2022 Ryder Cup to Turkey? It's a possibility

The 18th green at Montgomerie Maxx Royal during the final round of the Turkish Airlines Open. Could the 2022 Ryder Cup be played in Turkey? It's possible.

ANTALYA, Turkey – Is there a Ryder Cup in Turkey’s future?

The Turks hope so and are discussing such a bid internally before they approach the European Tour with a proposal.

With the next available Ryder Cup date in 2022, there is time, though the window is closing. After Gleneagles, Scotland, next year, the European Tour likely will move quickly to fill the 2022 date. Paris will host the 2018 Ryder Cup.

“We have folks in our company working on this, but I believe this should go in line with the (Turkish Golf) Federation,” said Temel Kotil, president and chief executive officer of Turkish Airlines. “We will seriously consider a Ryder Cup bid.”

Turkey has hosted two major basketball championships this century – EuroBasket 2001 and the 2010 FIBA World Championships – and bid for the 2016 and 2020 Summer Olympics, coming just short of 2020 winner Tokyo earlier this year.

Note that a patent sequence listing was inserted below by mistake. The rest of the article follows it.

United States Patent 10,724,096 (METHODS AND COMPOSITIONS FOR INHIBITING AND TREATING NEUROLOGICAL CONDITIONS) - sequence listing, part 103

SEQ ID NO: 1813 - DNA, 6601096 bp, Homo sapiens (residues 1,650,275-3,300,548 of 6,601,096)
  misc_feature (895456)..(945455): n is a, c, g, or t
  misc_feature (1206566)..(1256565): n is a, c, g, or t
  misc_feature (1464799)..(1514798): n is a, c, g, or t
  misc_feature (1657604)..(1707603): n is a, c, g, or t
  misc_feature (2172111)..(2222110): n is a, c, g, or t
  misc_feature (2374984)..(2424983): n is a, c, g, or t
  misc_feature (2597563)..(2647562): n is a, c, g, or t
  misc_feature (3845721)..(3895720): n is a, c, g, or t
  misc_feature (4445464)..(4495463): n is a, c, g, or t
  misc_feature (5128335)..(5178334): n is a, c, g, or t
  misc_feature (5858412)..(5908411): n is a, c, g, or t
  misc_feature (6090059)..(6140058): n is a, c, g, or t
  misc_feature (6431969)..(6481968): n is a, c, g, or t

It’s clear that if a bid were forthcoming that Istanbul would be the only suitable host city.

With little more than a handful of courses in the city that straddles the Bosporus separating Europe and Asia, Istanbul officials would need to build a new course. But with a population of 13.9 million and the desire to grow the sport in Turkey, Istanbul likely would welcome a world-class venue.

Chubby Chandler, the head of International Sports Management, was one of the men instrumental in bringing the European Tour to Turkey. He thinks there is enough interest in Istanbul, plus the requisite financial backing, to get a course built for 2022.

George O’Grady, the chief executive of the European Tour, is not as positive as Chandler but is willing to listen.

“Well, it's very early days to even think about It,” O’Grady said of a potential bid from Turkey. “I think speaking personally, I'm staggered by the success of this tournament and the enthusiasm and the welcome and the can‑do attitude of everybody here in Turkey. I think we rule nothing out.”

England's Ian Poulter agrees that Turkey would be a great venue for a Ryder Cup.

“The country itself, I think, is a good place,” said Poulter, who tied for fifth in the Turkish Airlines Open, his second event in two years in Turkey. “I mean, they do it well; they've done it well this week.”

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